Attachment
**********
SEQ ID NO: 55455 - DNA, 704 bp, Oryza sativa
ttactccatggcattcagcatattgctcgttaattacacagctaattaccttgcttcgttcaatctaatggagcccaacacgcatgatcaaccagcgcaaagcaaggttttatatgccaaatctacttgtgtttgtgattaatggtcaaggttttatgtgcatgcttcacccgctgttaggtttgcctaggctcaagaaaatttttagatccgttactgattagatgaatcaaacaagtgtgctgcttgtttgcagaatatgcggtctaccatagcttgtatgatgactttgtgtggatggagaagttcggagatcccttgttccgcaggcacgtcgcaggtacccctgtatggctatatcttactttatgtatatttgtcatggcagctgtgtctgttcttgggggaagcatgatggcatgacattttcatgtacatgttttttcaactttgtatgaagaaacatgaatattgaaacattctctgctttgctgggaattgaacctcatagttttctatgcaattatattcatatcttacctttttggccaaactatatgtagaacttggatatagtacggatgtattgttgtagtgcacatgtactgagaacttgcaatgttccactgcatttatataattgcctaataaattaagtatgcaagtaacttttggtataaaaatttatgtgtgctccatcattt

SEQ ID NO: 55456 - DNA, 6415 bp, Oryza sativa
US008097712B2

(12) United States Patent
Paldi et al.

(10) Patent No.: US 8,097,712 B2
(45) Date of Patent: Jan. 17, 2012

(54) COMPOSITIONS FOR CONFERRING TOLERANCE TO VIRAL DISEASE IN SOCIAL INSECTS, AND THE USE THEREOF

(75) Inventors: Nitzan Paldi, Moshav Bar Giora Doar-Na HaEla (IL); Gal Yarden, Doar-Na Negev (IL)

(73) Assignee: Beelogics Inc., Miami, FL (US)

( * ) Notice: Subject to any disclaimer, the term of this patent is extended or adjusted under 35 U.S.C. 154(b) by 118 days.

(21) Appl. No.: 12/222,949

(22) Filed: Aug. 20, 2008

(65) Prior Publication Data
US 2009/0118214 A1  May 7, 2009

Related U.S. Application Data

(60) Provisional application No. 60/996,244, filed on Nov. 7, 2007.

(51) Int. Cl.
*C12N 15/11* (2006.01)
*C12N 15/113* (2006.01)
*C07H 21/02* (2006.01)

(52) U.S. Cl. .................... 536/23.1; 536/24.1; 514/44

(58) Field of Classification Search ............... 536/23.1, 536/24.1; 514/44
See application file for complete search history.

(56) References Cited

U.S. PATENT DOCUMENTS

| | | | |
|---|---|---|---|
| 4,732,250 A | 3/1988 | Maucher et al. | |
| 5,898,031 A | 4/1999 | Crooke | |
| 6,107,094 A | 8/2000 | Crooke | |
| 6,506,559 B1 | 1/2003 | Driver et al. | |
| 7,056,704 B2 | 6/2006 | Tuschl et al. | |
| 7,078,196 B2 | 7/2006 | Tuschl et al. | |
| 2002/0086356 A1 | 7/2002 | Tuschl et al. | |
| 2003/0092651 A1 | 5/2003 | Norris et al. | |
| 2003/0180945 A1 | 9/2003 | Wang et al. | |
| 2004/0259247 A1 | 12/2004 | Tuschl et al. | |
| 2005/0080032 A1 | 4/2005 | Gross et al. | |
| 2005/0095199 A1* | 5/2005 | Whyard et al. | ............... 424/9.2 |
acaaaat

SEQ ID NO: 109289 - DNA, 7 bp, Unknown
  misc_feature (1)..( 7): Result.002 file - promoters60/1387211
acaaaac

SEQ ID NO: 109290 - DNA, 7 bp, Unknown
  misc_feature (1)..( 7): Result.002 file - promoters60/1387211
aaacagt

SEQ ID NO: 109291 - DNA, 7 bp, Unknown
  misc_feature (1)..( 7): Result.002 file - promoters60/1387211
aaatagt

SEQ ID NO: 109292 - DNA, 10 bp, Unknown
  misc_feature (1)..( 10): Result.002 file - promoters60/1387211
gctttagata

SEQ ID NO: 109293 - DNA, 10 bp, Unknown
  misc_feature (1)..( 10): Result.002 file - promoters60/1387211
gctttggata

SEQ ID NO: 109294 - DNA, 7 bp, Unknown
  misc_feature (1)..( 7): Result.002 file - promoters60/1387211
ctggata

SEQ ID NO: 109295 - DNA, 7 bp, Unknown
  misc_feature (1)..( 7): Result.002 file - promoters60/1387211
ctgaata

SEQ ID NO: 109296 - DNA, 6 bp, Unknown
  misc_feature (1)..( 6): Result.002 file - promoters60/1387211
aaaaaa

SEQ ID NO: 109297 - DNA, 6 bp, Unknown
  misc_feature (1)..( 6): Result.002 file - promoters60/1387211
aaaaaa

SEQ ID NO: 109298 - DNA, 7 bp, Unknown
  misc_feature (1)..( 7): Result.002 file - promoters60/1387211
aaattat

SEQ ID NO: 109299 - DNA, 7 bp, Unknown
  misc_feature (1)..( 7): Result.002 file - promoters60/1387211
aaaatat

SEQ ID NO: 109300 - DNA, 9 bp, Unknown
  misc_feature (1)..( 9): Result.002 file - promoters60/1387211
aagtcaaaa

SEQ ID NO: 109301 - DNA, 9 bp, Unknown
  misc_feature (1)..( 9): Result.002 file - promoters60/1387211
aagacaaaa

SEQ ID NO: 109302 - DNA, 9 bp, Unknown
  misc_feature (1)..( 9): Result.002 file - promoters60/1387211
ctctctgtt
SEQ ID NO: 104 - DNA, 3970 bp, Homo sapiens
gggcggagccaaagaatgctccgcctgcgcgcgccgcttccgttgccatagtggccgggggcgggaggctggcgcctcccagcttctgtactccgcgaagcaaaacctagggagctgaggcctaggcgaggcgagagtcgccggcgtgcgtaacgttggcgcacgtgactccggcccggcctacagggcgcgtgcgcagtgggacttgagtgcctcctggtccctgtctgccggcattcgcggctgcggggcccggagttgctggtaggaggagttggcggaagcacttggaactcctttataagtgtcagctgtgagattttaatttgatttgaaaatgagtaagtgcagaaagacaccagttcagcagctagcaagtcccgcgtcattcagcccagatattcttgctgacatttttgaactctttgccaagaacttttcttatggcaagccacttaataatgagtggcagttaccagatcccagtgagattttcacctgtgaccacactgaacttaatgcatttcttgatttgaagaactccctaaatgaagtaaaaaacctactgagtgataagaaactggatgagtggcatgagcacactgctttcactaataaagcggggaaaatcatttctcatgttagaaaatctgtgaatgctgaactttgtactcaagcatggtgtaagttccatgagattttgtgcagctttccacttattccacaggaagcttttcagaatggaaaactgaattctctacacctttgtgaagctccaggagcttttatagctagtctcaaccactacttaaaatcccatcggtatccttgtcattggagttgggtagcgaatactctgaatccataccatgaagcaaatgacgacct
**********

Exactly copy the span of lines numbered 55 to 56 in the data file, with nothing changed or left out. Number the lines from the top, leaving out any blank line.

SEQ ID NO: 109293 - DNA, 10 bp, Unknown
  misc_feature (1)..( 10): Result.002 file - promoters60/1387211